Check out this video for tips on flossing around a fixed retainer:

You also might want to be careful when eating hard, crunchy foods, because they could break the wire or pop the cement loose from your teeth. If this happens, make sure to come see us!

Bring Us Your Questions!

If you have any questions about fixed retainers, don’t hesitate to ask us! Whether you’re in braces now and thinking ahead to retainers or you already have a fixed retainer, we can fill in any blanks you might have. In the meantime, keep up your brushing and flossing!

We love our patients!

The content on this blog is not intended to be a substitute for professional medical advice, diagnosis, or treatment. Always seek the advice of qualified health providers with questions you may have regarding medical conditions.

Top image used under CC0 Public Domain license. Image cropped and modified from original

February 22, 2018

Why Straight Teeth?

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TO SOME, IT MIGHT seem like the benefits of having straight teeth are purely cosmetic. And those benefits certainly do exist. Studies have shown that people tend to perceive someone with straight teeth as wealthier, happier, and more dateable than someone with crooked teeth. But there are plenty of other important benefits as well.

Consequences Of Crooked Teeth

There are many different ways crooked, crowded, or misaligned teeth can negatively impact a person’s health and quality of life. Let’s take a look at a few of the big ones.

Difficult To Clean

When teeth overlap each other in ways they aren’t meant to, they can be much harder to clean with brushing and flossing than straight teeth. If teeth aren’t getting cleaned as effectively, then they become more vulnerable to tooth decay.

Impede Clear Speech

Underbites, severe overbites, and other teeth alignment problems can interfere with a person’s ability to speak clearly, leading to lisps and other distortions in articulation.

Interfere With Healthy Digestion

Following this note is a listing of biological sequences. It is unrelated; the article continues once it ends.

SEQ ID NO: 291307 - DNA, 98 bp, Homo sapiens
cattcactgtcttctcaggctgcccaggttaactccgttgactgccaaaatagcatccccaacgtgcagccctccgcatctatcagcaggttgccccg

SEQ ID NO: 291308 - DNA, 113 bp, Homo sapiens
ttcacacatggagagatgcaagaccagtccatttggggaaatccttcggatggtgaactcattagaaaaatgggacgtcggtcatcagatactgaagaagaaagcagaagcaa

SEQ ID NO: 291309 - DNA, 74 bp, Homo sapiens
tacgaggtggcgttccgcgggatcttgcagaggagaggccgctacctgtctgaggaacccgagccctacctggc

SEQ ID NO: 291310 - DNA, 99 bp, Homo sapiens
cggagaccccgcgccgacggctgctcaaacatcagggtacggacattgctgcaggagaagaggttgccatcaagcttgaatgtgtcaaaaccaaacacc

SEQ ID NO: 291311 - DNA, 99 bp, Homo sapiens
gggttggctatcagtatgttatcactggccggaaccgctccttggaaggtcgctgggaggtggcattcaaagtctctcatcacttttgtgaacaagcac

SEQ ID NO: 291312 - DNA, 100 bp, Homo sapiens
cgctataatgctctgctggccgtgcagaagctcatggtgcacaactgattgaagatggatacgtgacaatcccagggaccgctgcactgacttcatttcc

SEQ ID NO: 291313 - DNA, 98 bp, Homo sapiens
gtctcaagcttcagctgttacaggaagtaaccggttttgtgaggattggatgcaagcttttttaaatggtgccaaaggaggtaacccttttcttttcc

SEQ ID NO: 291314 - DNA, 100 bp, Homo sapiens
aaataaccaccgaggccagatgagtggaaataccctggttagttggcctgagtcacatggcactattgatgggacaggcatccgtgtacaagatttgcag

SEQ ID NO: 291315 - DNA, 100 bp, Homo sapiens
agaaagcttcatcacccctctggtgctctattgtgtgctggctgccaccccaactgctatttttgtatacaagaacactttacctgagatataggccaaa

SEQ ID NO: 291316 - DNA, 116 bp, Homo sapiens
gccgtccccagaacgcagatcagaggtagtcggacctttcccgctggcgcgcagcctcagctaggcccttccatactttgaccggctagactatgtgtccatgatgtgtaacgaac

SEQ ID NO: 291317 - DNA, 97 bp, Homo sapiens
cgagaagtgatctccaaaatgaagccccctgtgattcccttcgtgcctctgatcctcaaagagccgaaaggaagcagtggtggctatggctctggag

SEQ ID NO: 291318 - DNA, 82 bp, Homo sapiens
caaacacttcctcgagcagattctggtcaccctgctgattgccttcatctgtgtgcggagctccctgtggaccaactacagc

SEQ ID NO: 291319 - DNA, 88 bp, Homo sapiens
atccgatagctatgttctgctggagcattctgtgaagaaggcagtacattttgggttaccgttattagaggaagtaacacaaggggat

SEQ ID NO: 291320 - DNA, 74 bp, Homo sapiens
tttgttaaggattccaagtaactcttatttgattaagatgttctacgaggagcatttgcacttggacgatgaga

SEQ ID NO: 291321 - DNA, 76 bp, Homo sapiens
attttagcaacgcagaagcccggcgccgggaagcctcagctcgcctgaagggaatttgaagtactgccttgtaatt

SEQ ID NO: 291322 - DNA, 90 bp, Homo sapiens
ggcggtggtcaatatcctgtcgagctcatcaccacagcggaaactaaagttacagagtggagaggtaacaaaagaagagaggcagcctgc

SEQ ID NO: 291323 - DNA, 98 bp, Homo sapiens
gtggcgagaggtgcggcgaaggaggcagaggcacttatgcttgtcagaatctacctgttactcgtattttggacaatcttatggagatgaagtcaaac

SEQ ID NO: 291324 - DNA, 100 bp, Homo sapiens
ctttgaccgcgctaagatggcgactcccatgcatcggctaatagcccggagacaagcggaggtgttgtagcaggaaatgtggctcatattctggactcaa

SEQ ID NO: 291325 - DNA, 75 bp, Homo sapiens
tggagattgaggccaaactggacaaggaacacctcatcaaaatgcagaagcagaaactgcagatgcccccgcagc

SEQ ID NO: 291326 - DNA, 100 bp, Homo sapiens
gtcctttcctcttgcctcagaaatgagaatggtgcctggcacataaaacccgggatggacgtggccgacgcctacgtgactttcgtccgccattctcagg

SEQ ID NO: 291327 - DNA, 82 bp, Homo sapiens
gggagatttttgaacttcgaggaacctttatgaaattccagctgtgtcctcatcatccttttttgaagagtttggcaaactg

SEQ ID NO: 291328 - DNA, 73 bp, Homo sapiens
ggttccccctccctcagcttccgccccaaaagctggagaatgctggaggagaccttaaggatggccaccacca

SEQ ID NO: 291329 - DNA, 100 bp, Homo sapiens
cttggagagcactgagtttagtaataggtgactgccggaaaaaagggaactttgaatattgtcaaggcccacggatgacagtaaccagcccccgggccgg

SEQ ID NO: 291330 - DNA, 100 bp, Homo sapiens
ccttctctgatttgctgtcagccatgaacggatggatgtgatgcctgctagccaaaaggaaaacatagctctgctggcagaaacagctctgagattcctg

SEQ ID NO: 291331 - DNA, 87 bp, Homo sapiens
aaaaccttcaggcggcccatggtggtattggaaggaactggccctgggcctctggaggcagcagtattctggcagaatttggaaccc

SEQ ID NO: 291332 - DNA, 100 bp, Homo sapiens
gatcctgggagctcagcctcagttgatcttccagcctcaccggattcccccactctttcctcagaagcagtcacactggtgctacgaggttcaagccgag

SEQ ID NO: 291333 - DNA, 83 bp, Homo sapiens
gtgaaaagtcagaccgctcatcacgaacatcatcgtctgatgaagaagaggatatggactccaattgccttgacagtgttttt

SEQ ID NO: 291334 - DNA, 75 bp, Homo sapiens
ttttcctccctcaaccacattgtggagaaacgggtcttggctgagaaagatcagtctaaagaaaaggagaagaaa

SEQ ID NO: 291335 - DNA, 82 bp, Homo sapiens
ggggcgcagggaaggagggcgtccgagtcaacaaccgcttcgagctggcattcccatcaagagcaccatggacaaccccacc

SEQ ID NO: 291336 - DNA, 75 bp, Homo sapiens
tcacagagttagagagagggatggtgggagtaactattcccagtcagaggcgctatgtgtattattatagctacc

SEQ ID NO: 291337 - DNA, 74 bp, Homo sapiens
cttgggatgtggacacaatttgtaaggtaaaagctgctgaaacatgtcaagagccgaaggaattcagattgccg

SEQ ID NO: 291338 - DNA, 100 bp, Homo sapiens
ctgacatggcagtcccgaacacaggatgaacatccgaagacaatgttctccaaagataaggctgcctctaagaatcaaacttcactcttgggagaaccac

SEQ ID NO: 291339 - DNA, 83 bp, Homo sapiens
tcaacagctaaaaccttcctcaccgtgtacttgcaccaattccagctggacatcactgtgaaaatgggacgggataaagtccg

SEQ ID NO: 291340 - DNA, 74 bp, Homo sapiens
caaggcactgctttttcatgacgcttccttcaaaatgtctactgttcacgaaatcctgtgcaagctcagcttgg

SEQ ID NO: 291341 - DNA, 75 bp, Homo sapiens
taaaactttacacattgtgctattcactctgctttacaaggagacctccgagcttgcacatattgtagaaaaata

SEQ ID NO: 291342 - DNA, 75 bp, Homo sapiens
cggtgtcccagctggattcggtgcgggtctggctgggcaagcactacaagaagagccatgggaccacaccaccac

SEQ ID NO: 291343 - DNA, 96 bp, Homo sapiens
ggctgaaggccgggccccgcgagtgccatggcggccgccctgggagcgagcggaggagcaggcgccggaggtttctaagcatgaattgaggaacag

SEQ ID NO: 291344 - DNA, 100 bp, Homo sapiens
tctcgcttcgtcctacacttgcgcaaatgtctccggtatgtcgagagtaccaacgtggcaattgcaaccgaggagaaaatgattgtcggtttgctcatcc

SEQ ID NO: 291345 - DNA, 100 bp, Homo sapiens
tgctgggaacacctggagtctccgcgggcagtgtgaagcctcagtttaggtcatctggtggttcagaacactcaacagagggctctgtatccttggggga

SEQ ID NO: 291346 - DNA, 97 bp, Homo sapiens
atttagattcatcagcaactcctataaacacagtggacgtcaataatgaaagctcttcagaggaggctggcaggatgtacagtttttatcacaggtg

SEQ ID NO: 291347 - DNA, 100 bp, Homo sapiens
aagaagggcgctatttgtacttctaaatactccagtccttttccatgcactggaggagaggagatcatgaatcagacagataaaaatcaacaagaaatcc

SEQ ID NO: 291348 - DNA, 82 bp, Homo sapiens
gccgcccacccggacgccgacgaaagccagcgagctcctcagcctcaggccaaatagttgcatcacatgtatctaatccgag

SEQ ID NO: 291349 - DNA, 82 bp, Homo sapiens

Chewing is a critical part of the digestion process. Our saliva begins to break food down on a chemical level while our teeth break it apart into more manageable pieces. Crooked teeth can make it difficult or even impossible to chew food enough, which forces the rest of the digestive system to pick up the slack. This can lead to a number of unpleasant GI consequences, and it can even make it harder to lose weight!

Can Interfere With Healthy Breathing

If your teeth don’t fit comfortably together, you might keep them apart instead of closing your jaws when resting. This can lead to mouth breathing, which has many negative health effects. The two most connected to oral health concerns are chronic bad breath and dry mouth.

Can Cause Jaw Problems

If there’s something wrong with your bite, that can result in temporomandibular joint (TMJ) syndromeSymptoms include a clicking jaw joint, jaw pain, and frequent headaches.

Do Your Teeth Need Straightening?

Having straight teeth eliminates or greatly reduces all of these problems. This, paired with the cosmetic advantages and the boost in confidence, makes orthodontic treatment a very worthwhile investment. If you think you could benefit from orthodontic treatment, our practice can recommend a great orthodontist for you. In the meantime, keep brushing, flossing, and scheduling your regular dental appointments!

You deserve the best for your teeth!

The content on this blog is not intended to be a substitute for professional medical advice, diagnosis, or treatment. Always seek the advice of qualified health providers with questions you may have regarding medical conditions.

Top image used under CC0 Public Domain license. Image cropped and modified from original.